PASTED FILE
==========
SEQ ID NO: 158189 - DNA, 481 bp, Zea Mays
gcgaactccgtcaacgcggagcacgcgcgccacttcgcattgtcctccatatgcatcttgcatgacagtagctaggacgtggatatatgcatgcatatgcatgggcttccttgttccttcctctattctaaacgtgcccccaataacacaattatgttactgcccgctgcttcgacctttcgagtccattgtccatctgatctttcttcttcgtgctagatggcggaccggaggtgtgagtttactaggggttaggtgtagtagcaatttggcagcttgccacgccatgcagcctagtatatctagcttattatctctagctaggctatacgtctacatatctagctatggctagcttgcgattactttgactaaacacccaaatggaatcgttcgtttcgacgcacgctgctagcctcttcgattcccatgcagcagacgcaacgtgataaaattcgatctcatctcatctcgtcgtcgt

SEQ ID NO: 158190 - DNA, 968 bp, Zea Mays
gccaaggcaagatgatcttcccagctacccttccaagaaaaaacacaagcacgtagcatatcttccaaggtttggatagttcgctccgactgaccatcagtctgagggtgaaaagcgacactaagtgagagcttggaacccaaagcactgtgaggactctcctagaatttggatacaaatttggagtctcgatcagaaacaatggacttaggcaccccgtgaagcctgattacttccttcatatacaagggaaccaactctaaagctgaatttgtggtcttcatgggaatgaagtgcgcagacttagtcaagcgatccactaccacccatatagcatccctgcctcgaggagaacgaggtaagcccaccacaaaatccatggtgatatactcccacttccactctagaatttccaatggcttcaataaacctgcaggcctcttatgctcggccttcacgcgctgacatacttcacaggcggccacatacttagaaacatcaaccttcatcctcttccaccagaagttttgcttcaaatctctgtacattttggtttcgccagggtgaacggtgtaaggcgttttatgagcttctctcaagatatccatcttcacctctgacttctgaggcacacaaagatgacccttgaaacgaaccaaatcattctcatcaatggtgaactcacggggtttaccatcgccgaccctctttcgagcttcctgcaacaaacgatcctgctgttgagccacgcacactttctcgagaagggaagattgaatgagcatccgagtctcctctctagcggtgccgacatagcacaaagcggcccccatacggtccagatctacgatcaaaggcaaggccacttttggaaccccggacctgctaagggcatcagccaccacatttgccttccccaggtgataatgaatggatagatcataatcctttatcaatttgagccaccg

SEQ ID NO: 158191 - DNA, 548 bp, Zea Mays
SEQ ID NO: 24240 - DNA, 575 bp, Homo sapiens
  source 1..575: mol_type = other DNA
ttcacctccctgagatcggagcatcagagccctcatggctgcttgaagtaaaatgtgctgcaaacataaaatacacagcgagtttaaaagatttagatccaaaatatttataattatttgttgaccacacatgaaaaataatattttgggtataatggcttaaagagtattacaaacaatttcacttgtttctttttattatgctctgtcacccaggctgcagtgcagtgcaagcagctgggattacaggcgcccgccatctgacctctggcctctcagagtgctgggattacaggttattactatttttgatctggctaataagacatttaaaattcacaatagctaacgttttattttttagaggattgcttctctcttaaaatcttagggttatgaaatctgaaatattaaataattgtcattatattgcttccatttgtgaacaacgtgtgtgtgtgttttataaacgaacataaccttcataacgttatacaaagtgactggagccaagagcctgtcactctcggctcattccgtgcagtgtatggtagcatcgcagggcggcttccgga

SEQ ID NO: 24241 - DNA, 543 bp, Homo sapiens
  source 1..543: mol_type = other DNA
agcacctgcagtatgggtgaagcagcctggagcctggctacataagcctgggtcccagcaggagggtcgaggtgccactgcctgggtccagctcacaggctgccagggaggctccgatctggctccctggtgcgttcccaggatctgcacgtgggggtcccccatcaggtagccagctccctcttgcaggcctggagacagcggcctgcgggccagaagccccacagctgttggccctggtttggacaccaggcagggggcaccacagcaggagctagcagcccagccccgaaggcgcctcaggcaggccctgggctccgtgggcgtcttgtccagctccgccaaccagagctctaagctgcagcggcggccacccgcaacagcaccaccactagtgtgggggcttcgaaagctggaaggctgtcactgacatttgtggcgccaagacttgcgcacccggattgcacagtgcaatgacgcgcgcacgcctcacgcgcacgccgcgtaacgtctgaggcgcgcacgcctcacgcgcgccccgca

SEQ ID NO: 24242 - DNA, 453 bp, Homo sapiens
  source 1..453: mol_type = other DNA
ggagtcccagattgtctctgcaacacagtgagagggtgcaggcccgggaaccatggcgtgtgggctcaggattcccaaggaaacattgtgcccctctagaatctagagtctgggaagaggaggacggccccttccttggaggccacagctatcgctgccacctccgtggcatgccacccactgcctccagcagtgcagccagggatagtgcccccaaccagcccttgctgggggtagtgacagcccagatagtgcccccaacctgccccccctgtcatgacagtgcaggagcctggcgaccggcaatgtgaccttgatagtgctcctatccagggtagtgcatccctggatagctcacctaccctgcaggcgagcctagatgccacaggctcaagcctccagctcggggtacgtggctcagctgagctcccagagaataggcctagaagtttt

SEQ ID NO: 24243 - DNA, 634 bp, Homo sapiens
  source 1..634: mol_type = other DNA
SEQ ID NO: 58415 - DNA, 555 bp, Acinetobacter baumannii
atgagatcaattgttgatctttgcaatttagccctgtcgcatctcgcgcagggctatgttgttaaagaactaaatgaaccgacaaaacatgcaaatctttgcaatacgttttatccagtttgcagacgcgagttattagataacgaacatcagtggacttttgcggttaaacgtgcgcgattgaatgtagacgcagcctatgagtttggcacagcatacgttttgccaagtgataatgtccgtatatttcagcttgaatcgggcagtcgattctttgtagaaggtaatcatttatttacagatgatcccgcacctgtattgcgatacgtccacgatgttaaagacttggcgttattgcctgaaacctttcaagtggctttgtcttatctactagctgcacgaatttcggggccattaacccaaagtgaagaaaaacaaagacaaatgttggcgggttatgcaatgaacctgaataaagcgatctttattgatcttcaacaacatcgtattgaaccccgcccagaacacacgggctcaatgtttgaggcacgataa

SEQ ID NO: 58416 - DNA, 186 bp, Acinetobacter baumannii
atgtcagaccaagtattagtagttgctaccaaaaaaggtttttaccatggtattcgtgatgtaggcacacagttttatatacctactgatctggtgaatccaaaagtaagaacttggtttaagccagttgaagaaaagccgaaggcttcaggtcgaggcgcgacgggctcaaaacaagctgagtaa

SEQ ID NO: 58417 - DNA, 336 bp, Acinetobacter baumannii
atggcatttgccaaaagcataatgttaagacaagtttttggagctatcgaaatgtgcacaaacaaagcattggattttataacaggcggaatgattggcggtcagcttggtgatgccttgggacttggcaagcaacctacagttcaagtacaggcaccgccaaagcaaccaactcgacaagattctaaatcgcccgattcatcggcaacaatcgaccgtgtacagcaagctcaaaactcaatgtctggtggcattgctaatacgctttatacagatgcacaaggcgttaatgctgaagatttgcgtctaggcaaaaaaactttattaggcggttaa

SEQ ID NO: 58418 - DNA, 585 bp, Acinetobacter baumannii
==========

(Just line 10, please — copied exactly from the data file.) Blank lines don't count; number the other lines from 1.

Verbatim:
  source 1..543: mol_type = other DNA